The history lesson continues in chapter 2 where we are informed that as early as 1775, there was something that resembled an ambulance service in Scotland. There is a wealth of history covered with lots of facts and figures thrown in, such as paramedics becoming the 12th allied health profession with compulsory registration. There are some landmark events referred to such as the serious adverse events at the Mid Staffordshire Hospital and the Francis (2013) Report. This leads nicely into a discussion around professionalism, accountability and regulations. This is approached using a number of cases in law which help bring the issues to life.

In the following chapter, we are encouraged to develop our own ethical standing. This is perfectly placed following the previous discussion around professionalism. The author uses ethical dilemmas to encourage us to determine our own standpoint, we must decide if we push a man in front of a speeding tram to save the lives of others! As you work through the chapter, you start to realise the complexity of ethics, finishing with a relevant case study to consider. We swiftly move on to an overview of British Law. I did wonder how this huge topic could be covered in one chapter and yet still be relevant to the paramedic; however, the author does a sterling job of achieving this. I found this to be one of the most interesting chapters within the book, it clarified so many points for me and provided an overall structure of the legal system.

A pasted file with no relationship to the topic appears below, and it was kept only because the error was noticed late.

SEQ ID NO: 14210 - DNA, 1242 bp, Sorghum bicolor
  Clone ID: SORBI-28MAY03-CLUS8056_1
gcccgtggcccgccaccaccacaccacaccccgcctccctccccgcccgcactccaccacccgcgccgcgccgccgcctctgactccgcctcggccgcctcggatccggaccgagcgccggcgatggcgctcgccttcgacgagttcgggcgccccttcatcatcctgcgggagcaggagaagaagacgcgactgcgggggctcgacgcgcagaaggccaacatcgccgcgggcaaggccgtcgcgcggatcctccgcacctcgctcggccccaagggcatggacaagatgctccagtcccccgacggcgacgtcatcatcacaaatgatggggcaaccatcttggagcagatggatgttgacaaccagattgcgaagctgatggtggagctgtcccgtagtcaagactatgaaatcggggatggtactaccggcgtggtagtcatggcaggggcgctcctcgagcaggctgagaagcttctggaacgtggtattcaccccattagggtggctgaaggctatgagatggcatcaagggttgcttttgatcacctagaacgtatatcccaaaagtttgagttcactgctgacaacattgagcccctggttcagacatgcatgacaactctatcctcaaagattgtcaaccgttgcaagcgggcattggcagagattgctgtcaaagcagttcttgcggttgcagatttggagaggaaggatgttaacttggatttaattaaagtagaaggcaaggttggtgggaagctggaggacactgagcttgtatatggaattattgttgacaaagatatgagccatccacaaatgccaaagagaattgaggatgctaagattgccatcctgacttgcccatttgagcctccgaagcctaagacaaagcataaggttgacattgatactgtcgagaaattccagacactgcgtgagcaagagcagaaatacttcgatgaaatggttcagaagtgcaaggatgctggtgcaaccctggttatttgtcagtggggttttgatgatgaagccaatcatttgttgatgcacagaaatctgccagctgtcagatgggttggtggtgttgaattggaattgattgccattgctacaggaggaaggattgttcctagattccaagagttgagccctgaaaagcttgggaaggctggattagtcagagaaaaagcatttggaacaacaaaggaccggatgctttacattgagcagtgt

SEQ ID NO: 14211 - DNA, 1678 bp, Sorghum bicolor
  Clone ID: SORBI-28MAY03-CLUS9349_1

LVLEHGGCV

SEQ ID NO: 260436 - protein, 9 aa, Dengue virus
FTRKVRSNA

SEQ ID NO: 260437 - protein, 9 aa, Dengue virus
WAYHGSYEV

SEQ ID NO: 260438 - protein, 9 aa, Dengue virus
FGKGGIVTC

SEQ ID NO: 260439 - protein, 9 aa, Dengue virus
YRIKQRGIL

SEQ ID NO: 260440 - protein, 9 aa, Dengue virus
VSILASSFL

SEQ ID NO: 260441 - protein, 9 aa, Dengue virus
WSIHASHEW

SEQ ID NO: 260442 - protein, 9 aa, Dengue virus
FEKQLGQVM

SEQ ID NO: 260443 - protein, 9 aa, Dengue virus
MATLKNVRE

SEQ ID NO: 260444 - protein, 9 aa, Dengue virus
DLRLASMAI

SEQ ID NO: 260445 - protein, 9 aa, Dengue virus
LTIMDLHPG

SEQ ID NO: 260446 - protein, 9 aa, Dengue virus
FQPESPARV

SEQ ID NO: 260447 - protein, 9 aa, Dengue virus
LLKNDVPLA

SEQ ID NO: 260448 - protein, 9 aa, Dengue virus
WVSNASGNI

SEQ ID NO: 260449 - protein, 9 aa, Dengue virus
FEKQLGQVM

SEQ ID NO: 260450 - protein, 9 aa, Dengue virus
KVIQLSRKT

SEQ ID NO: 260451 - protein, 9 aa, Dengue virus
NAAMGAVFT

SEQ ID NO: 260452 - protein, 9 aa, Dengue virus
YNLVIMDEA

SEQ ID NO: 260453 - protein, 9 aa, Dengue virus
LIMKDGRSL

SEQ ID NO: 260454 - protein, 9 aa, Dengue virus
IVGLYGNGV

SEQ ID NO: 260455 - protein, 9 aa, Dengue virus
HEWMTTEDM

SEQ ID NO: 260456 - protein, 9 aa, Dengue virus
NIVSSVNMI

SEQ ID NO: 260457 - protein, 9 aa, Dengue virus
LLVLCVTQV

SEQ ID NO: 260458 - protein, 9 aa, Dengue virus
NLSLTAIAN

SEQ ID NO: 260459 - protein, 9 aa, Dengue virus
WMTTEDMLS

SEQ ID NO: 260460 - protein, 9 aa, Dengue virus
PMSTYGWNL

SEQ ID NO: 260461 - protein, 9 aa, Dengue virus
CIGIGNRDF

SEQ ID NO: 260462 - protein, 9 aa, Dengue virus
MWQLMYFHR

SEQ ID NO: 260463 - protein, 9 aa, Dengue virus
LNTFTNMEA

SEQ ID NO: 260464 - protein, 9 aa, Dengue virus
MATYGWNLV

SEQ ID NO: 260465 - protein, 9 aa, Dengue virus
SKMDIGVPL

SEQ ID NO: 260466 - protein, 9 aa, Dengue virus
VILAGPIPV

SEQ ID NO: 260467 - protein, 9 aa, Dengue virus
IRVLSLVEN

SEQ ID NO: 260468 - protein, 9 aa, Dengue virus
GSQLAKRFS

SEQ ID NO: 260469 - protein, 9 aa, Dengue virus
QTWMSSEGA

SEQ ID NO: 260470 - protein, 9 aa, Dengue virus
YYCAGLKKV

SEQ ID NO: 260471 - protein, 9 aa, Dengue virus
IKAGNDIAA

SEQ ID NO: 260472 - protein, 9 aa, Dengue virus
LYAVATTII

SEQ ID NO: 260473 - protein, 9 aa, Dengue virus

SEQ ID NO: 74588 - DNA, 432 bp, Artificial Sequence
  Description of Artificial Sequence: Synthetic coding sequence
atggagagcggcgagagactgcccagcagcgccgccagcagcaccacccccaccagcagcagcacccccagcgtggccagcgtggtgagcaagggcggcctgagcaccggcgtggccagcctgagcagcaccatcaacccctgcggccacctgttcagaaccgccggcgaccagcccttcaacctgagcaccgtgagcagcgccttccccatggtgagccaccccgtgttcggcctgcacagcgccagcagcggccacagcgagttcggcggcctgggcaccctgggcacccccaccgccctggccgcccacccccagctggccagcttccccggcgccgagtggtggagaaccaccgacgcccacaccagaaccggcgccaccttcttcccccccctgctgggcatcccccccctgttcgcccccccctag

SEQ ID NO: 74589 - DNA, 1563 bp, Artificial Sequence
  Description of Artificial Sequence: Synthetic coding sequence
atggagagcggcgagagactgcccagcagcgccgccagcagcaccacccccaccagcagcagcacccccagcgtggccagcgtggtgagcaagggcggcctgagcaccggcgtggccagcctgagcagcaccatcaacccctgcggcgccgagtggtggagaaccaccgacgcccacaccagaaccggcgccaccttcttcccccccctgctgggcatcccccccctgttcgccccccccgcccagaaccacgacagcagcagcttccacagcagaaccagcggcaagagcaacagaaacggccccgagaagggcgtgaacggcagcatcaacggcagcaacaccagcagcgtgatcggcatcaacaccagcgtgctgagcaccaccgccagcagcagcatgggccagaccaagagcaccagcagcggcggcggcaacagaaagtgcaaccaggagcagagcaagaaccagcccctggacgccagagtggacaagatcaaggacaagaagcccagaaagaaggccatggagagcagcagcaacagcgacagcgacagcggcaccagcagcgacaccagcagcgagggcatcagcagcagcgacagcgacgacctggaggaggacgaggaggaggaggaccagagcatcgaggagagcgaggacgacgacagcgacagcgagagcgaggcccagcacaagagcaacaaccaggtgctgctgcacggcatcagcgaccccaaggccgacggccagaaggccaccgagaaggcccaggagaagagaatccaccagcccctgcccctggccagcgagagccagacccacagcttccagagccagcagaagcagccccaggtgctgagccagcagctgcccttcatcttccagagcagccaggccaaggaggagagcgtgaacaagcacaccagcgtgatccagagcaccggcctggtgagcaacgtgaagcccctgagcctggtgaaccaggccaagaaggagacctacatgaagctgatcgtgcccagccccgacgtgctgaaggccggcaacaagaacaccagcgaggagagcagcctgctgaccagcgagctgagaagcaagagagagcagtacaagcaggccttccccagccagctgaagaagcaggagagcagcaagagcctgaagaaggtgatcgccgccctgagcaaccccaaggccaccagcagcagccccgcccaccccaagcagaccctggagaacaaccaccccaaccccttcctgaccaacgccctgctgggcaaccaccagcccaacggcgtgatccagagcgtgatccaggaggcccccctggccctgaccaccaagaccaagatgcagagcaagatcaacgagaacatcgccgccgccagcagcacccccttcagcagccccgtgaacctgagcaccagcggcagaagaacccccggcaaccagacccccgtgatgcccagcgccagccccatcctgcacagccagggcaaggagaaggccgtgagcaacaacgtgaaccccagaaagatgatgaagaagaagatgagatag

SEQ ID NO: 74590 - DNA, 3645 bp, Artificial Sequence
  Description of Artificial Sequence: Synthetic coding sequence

The same author excels yet again in the following chapter and somehow manages to make information governance an interesting read! There are a number of useful case studies used as examples and paramedic practice is referred to throughout. The author tackles some really useful topics around breaching confidentiality, making disclosures, and what the paramedic should do in certain difficult situations, e.g. can or should we inform the DVLA if we have safety concerns for a patient that has suffered a seizure?

When I started the book, I bet myself that social media would not make an appearance as it is surely too thorny an issue to try to clarify and give guidance on; bet lost as I reach chapter 6 by a different author but with the same level of detail and linking to paramedicine. Although this is a relatively short chapter, we are provided with a very eye-opening example of how combining a number of seemingly innocent ‘Tweets’ can be pieced together to reveal a huge amount of information from an incident.

In chapter 7, the author uses case law to demonstrate how consent has developed over the years and provides some useful tips for practice before moving onto four detailed case studies for discussion. The author defines how to clarify some common broad and often inaccurate statements such as ‘the patient lacks capacity’ or ‘the patient is refusing’.